The obvious answer to ‘when is a book a tree?’ is ‘before it’s been made into a book’ – it doesn’t take a scientist to know that (most) paper comes from trees – but things get more complex when we turn our attention to etymology. The word book itself has changed very little over the […]
In Borrowed Words: A History of Loanwords in English I examine how words borrowed from different languages have influenced English throughout its history. The above feature summarizes some of the main data from the book, focussing on the fourteen sources that have given the most words to English, as reflected by the new and revised […]
1066 and after The centuries after the Norman Conquest witnessed enormous changes in the English language. In the course of what is called the Middle English period, the fairly rich inflectional system of Old English broke down. It was replaced by what is broadly speaking, the same system English has today, which unlike Old English […]
The Anglo-Saxon settlement It’s never easy to pinpoint exactly when a specific language began, but in the case of English we can at least say that there is little sense in speaking of the English language as a separate entity before the Anglo-Saxons came to Britain. Little is known of this period with any certainty, […]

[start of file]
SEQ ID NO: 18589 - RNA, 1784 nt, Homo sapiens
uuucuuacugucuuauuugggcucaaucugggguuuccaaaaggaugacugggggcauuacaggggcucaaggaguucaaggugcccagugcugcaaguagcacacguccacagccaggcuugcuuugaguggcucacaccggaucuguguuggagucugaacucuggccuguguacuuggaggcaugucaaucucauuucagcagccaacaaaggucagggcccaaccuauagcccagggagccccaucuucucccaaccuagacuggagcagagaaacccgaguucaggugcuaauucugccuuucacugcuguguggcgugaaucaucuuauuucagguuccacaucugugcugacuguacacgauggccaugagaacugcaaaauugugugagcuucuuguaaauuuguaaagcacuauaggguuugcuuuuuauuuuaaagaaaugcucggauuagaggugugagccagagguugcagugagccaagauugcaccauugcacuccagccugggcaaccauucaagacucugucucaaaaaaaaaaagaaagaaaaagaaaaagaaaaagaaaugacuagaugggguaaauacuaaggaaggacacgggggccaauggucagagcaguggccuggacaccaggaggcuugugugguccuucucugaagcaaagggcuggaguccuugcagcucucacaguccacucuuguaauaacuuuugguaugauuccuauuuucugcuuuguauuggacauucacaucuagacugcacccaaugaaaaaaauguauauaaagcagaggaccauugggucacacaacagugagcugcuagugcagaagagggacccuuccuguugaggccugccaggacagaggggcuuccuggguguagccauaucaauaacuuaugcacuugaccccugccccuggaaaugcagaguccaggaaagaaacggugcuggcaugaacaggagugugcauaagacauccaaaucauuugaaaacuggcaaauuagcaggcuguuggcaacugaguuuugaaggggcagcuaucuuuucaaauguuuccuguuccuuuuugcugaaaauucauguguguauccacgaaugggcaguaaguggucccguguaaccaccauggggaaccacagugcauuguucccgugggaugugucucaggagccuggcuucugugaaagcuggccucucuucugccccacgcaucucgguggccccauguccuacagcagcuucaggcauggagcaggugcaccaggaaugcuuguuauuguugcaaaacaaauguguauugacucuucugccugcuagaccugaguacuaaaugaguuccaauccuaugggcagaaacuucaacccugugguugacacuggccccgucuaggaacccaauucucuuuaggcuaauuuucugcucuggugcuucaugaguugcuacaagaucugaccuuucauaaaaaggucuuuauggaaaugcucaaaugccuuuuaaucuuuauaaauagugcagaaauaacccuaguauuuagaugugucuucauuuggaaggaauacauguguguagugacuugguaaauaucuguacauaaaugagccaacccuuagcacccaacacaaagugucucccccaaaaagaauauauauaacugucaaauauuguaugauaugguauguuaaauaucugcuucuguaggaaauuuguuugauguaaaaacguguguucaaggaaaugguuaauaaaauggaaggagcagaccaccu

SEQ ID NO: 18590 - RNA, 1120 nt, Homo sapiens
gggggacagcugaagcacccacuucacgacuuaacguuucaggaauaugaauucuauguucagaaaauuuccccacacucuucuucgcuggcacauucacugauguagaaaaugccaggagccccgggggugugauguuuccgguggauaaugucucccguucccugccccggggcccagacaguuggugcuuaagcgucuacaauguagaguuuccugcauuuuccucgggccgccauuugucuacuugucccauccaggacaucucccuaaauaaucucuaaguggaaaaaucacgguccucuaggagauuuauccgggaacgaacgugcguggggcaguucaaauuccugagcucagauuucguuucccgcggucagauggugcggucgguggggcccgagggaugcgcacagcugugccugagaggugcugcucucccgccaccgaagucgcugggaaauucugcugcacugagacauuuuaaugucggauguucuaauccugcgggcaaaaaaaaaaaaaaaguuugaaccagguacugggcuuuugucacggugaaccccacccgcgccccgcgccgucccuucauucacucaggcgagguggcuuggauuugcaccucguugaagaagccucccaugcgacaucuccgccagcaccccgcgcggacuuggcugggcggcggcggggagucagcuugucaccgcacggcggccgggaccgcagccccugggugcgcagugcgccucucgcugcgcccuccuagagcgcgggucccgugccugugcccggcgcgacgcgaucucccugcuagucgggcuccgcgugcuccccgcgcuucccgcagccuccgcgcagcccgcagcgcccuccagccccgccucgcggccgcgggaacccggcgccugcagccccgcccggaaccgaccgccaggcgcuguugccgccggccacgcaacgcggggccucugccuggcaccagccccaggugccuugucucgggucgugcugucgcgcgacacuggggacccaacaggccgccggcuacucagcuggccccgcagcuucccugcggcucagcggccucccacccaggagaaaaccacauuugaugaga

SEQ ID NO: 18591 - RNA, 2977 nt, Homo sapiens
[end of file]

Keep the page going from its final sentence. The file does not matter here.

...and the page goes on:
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Word of the Day: dinkum - (of an article or person) genuine, honest, true... oxford.ly/1pnZl4G
ICYMI: Word of the Day: anomalous - deviating from what is standard, normal, or expected oxford.ly/1yjsWGN
Do you know what 'razzo' means? Take our quiz about historical synonyms: oxford.ly/1pWQCGx
Word of the Day: anomalous - deviating from what is standard, normal, or expected... oxford.ly/1yjsWGN
ICYMI: Word of the Day: animalcule - a microscopic animal oxford.ly/1plzcmY